03/30/2010 11:00PM

Broadbent, founder of BRIS, dead


Richard Broadbent III, the founder of Bloodstock Research Information Services and the weekly Thoroughbred Times, died on Monday. Broadbent was 73.

A Kentucky native, graduate of West Point, and former bloodstock agent, Broadbent launched Bloodstock Research Information Services, which was known as BRIS, in 1971, initially as a pedigree service to breeders and owners. The service soon branched out to handicapping products, and in 2001, the service launched its own account-wagering platform, using its proprietary products as a way to reward and retain its handicapping customers.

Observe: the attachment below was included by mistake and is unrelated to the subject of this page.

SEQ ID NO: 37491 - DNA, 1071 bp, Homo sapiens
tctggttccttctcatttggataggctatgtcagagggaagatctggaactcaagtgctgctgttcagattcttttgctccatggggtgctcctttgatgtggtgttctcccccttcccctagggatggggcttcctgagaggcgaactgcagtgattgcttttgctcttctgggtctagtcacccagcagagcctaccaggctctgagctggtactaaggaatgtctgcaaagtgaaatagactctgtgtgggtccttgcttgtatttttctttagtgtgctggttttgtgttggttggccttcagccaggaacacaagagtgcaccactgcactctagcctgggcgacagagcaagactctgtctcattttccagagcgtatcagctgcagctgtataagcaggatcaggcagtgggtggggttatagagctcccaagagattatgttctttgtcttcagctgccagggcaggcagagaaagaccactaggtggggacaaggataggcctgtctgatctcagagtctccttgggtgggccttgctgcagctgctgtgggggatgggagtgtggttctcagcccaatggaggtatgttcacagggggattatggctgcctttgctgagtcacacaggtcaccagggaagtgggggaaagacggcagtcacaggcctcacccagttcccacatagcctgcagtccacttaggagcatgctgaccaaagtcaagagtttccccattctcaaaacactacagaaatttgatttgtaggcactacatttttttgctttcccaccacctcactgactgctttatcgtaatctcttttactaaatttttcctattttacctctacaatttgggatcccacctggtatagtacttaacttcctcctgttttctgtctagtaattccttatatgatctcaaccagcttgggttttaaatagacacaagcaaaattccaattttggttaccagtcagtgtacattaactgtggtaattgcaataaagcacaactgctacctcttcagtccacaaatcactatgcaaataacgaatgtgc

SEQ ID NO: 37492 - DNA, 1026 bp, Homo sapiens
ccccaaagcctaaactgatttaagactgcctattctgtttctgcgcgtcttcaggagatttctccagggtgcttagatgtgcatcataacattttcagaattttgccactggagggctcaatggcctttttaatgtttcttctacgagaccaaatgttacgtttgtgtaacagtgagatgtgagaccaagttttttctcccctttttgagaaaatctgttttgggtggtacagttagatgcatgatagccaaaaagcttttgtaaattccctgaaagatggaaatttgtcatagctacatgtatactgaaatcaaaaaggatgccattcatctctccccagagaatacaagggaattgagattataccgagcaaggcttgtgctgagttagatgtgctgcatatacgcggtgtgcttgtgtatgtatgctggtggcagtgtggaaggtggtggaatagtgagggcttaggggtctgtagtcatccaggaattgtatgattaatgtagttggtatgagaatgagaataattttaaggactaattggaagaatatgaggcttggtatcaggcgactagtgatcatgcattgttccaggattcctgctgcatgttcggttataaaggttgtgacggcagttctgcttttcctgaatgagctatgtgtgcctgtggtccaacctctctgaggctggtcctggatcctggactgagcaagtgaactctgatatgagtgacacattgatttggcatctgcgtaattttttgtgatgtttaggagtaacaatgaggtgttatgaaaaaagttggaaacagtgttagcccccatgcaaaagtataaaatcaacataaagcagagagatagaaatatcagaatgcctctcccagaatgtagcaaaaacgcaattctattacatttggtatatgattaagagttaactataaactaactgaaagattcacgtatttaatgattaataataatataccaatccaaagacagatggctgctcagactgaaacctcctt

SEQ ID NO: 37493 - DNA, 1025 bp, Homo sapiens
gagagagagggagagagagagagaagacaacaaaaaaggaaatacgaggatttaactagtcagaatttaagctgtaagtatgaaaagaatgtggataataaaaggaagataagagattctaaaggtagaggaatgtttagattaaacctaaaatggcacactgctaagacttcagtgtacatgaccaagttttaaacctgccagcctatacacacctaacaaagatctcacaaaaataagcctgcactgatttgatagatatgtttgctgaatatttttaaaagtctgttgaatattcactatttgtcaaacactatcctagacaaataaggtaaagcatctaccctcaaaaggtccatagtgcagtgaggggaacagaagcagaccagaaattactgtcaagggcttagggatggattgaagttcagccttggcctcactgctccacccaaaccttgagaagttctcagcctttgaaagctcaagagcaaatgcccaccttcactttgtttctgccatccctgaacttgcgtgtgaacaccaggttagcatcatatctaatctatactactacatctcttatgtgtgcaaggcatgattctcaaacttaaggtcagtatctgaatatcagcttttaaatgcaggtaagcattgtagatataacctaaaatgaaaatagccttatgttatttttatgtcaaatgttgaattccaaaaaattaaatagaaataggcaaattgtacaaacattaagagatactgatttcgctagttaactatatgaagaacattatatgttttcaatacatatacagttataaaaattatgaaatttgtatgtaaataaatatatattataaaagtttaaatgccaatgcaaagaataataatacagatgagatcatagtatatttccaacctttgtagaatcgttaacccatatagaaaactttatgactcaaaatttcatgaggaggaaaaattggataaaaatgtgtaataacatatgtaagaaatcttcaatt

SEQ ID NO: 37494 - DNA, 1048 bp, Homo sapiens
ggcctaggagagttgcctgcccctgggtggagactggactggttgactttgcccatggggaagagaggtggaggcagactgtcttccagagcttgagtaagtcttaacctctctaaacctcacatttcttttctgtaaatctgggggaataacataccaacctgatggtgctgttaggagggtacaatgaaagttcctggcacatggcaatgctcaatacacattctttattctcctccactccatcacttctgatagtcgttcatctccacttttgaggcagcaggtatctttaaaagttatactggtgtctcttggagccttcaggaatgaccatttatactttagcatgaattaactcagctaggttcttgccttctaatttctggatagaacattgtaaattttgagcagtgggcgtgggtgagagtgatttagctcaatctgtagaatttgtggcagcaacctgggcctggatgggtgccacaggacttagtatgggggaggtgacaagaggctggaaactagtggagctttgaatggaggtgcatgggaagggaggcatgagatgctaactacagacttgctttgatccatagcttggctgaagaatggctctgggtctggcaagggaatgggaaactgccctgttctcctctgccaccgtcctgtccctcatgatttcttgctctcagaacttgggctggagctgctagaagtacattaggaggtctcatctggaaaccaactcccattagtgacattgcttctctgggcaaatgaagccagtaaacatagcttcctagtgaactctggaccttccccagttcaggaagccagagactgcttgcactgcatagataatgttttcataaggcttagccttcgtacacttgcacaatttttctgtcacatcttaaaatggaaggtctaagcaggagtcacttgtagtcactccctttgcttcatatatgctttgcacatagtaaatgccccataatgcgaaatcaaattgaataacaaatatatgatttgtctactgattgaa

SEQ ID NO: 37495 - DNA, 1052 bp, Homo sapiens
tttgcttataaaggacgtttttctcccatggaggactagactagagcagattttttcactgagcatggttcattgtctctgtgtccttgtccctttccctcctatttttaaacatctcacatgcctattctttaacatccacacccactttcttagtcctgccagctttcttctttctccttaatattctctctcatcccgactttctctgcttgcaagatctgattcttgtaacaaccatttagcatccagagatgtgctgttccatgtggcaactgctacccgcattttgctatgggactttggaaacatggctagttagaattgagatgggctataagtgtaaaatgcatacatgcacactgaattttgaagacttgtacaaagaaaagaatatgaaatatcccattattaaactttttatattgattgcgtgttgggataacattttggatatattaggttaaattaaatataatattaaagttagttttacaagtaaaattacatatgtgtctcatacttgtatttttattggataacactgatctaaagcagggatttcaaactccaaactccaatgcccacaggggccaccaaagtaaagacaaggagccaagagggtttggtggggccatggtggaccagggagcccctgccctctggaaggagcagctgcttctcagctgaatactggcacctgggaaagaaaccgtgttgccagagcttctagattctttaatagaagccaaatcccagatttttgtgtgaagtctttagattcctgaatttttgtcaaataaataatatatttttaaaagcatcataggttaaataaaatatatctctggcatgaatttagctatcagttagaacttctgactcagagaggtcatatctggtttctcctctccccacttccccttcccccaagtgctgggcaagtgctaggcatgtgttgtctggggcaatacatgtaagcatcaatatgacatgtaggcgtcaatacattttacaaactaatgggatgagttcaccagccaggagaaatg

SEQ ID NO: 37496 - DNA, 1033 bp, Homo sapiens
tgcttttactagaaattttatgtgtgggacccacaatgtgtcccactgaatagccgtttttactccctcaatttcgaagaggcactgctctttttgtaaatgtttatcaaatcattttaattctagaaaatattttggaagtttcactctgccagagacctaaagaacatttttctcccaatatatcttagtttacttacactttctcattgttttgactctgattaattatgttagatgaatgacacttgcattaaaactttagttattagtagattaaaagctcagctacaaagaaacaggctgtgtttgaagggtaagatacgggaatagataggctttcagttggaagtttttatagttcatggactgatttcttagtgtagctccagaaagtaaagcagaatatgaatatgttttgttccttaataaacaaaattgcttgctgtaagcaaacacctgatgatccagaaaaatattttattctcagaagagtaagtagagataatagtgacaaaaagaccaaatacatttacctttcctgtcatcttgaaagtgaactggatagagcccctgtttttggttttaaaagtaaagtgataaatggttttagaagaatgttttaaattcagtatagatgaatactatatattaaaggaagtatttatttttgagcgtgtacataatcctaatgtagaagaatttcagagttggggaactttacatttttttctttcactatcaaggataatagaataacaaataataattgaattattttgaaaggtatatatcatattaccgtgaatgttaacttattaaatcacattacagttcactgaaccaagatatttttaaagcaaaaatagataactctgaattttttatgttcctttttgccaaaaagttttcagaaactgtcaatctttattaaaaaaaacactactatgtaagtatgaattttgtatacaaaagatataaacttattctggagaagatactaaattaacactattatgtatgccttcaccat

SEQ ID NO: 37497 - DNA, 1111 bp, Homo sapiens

Recognizing the potential of using his pedigree information and client database to drive subscriptions, Broadbent launched Thoroughbred Times in 1985, and in 1988 merged with The Thoroughbred Record.

Broadbent largely left the Thoroughbred business in 2007 after he sold BRIS and brisnet.com to Churchill Downs Inc. as part of a larger deal by Churchill to consolidate the account-wagering market. Churchill currently uses the service's data to provide incentives and perks to its customers. The handicapping service continues to be run by Broadbent's son, Richard, known as Happy.

In addition to Happy, Broadbent is survived by his wife, Sandy; another son, John; and two daughters, Martha and Allison.